p.p1 to plant this important crop. Also, Indonesia’s local

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Singapore is an
urban jungle located in a tropical area and has a rainforest biome (http://gseweb.gse.buffalo.edu/fas/yerrick/ubscience/UB_Science_Education_Goes_to_School/Sungei_Buloh.html).

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Though tropical rainforests are typically filled with a vast array of flora and
fauna, forests in Singapore have been cleared at an alarming rate mainly for
the purpose of agriculture. Singapore’s small land area has continuously been a
major issue, which further triggers deforestation to fulfill economic purposes.

According to Singapore Nature Society, Singapore only has approximately 3% of
its tropical rainforests left (https://blogs.ntu.edu.sg/hp331-2014-37/?page_id=23).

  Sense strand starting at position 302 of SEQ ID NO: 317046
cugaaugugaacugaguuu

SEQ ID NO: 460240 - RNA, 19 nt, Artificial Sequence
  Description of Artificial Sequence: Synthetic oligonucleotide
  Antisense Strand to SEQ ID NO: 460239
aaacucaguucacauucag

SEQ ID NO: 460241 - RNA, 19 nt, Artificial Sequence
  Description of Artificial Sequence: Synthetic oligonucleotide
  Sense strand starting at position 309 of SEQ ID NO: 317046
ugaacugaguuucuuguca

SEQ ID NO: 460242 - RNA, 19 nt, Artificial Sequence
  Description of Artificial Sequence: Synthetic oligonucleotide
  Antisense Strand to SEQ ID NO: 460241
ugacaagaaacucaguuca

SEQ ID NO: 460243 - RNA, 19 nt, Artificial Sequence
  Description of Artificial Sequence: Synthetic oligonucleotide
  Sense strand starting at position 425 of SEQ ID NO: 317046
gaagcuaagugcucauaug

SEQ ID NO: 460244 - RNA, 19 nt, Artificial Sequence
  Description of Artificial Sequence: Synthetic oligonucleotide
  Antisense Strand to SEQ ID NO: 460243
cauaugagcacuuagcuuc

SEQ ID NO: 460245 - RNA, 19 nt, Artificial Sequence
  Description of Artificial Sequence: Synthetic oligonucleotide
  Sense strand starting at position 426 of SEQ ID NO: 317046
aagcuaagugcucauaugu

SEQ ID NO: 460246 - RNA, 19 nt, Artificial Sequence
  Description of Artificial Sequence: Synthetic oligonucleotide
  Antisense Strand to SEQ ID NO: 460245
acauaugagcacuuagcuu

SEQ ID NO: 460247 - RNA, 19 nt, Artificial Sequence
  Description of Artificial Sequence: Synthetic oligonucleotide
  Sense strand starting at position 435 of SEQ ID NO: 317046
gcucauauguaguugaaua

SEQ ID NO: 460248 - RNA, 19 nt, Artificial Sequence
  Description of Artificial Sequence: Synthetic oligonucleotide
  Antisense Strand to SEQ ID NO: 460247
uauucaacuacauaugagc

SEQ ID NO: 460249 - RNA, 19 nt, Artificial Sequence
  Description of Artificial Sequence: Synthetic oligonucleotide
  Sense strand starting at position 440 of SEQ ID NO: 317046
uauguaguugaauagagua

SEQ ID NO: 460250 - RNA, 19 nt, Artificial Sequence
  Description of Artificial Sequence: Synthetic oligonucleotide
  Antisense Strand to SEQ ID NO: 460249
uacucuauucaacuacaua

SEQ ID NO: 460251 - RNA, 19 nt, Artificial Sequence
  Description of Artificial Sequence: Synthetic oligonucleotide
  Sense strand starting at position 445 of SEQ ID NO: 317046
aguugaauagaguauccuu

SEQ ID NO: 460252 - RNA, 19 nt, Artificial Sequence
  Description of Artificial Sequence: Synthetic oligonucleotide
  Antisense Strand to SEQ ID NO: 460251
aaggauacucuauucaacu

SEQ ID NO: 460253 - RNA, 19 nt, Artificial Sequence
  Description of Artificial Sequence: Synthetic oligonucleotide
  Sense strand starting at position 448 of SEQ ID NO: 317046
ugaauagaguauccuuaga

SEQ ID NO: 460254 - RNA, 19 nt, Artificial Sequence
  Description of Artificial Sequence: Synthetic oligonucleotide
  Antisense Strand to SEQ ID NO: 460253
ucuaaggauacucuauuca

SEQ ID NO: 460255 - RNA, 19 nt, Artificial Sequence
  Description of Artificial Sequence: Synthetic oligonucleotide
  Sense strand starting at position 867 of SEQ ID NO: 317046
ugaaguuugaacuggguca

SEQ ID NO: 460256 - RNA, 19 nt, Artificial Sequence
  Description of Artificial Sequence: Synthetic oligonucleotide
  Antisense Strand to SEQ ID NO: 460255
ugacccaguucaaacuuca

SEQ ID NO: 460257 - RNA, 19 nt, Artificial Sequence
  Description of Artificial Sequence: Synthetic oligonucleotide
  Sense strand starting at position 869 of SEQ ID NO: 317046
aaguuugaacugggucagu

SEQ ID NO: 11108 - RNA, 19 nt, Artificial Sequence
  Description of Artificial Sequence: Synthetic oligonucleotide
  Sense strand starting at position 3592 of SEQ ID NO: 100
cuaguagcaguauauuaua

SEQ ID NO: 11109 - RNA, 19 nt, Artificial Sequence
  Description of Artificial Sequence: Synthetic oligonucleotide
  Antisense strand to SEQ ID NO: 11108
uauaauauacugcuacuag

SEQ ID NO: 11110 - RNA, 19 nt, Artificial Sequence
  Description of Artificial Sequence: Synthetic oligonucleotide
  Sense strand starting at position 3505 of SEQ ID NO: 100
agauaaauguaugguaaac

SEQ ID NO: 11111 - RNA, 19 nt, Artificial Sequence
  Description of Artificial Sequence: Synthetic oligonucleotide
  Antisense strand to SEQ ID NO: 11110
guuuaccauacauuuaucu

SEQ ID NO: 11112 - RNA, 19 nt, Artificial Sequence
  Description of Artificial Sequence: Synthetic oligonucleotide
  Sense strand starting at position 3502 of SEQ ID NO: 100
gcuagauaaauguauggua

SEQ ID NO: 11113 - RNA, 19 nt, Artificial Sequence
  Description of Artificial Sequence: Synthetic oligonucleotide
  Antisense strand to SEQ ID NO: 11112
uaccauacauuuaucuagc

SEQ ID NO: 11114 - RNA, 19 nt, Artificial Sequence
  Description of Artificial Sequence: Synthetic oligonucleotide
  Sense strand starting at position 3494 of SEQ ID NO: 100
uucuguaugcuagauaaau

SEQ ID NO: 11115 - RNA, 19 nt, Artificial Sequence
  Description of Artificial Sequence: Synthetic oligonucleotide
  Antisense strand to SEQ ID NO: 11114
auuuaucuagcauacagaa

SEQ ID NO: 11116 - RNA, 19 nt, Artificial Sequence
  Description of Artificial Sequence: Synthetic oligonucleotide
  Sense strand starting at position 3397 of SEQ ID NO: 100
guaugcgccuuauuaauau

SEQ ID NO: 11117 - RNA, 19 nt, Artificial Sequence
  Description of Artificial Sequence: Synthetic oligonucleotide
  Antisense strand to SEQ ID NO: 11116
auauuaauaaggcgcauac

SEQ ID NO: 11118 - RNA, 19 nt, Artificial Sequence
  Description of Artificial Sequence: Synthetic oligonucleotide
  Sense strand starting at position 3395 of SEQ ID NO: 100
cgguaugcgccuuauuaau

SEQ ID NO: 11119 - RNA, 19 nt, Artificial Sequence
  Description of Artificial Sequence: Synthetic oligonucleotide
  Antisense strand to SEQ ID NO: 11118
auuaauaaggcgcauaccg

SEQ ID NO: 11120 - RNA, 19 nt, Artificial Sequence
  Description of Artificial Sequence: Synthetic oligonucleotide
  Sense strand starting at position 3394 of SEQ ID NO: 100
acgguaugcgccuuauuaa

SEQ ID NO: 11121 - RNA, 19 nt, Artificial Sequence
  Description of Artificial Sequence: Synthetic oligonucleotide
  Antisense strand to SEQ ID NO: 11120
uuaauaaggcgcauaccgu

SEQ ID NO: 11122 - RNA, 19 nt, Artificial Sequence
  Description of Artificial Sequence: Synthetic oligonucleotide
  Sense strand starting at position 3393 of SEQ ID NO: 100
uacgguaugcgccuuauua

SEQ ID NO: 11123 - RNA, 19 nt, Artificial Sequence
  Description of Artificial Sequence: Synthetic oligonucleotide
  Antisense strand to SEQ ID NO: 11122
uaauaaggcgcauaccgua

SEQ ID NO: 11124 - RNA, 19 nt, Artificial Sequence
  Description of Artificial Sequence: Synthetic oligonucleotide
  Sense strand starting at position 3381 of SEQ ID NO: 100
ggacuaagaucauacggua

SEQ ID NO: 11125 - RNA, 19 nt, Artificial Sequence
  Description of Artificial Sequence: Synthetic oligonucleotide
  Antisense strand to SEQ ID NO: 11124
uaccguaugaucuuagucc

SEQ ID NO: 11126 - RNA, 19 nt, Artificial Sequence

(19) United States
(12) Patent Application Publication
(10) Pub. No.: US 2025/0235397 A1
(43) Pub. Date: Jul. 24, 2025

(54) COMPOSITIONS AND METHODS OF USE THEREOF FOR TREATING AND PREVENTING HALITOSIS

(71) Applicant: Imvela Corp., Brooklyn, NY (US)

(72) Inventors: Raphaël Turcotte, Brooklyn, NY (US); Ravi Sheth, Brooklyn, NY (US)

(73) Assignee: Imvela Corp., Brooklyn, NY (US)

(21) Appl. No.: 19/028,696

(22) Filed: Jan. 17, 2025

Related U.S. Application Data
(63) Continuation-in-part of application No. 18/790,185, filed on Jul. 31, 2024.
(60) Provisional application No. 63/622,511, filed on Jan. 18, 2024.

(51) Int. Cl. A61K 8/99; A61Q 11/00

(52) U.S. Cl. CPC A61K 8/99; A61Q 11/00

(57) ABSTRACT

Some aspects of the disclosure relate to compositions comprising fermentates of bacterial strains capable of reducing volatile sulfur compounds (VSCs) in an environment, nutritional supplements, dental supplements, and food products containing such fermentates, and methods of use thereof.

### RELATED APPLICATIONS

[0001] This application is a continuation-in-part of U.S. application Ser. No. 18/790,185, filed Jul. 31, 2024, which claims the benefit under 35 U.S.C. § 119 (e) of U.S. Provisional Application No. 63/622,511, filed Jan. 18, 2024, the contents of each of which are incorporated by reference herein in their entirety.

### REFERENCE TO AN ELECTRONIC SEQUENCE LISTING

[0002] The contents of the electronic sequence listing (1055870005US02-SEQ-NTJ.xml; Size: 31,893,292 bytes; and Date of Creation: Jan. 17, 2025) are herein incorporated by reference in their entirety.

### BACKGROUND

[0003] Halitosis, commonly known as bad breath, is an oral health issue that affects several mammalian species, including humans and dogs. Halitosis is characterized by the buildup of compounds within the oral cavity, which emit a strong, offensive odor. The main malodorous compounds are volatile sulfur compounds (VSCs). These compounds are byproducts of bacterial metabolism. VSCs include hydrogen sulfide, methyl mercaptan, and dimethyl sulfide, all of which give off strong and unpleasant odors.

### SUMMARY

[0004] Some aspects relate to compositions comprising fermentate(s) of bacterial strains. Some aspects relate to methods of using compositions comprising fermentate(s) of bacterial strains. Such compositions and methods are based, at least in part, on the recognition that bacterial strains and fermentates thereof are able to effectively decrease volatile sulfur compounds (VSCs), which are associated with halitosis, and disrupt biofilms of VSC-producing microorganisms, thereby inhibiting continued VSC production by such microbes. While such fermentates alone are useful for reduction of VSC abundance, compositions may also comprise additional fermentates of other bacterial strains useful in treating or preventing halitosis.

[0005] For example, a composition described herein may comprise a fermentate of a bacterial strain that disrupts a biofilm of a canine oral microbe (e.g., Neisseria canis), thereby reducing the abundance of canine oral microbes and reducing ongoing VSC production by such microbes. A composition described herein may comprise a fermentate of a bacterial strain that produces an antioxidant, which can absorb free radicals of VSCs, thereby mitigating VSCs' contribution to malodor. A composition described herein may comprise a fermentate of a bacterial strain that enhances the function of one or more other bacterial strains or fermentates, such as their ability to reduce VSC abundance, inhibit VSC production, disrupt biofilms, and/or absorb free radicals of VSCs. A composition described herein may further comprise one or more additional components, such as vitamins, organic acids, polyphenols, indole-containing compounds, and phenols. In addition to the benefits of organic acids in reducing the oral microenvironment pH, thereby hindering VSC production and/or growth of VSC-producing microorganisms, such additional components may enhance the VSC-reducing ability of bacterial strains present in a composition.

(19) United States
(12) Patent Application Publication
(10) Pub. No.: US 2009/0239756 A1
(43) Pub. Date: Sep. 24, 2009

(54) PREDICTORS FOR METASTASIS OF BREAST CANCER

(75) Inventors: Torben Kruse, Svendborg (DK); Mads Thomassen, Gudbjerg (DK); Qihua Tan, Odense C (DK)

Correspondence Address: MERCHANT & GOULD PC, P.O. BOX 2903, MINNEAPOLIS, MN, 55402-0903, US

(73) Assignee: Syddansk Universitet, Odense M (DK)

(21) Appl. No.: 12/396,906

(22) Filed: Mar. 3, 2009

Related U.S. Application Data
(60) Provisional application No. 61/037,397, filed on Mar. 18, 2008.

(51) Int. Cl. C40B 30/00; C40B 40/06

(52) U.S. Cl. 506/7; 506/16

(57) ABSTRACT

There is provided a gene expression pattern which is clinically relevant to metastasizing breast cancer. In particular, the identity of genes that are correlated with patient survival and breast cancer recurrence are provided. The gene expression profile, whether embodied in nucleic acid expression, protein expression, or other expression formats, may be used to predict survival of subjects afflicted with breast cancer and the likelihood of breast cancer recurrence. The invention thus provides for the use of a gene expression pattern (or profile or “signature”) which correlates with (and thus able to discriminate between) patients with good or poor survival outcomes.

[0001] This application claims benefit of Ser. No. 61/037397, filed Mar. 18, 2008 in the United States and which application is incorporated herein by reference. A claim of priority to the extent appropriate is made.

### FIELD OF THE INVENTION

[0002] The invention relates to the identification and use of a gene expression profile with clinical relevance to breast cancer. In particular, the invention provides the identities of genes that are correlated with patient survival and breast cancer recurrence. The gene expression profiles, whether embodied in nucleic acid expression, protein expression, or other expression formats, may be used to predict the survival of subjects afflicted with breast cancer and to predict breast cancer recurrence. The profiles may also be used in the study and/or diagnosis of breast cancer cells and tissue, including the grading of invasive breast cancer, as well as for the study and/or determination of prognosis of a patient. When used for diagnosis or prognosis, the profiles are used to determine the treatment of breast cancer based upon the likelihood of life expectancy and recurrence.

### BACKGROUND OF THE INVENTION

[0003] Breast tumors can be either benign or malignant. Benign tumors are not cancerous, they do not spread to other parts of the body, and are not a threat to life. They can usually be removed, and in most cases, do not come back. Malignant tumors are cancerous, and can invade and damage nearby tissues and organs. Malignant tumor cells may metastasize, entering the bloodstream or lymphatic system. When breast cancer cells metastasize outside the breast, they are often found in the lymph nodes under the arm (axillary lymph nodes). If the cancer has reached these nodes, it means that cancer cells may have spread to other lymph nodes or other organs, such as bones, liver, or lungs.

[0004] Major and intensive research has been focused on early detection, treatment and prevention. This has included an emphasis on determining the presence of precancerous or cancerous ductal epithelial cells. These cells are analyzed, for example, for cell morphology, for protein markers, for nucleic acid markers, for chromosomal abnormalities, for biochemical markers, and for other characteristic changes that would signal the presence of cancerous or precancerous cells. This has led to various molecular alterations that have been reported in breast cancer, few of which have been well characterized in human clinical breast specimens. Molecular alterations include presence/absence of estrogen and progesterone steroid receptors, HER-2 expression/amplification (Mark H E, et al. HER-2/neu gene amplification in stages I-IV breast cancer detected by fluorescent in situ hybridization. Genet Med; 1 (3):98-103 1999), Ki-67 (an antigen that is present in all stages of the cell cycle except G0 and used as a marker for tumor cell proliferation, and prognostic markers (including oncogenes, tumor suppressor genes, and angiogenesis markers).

In terms of its flora and fauna, Singapore has lost “4,866 plants, 627
butterflies, 234 fish, 111 reptiles and 91 mammals over the last 200
years” (https://blogs.ntu.edu.sg/hp331-2014-37/?page_id=170). 

Similarly, Indonesia also has a rainforest biome, specifically the
semi-arid and humid tropical biomes (https://indonesiafoodsecurityinquiry.weebly.com/about.html).

These biomes are both degrading at a rapid pace, in which Indonesia’s
deforestation rate is the highest in the world (https://indonesiafoodsecurityinquiry.weebly.com/about.html).

Indonesia has relied on rice as its staple food since a very long time, which
means that huge areas of land are required to plant this important crop.  Also, Indonesia’s local farmers often utilize
fires because they spread quickly. Hence, explaining the large amounts of
forests being cleared. Not only clearing land, forest fires in Indonesia have a
very devastating effect to surrounding food chains, water cycles and soil
fertility. Other factors that contribute to the loss of rainforests in
Indonesia include, construction of roads by logging companies, oil palm trees
plantations, rubber extractions for tires and the logging of acacia and
eucalyptus trees to make paper (https://kids.mongabay.com/slideshows/indonesian-rainforest-tour/).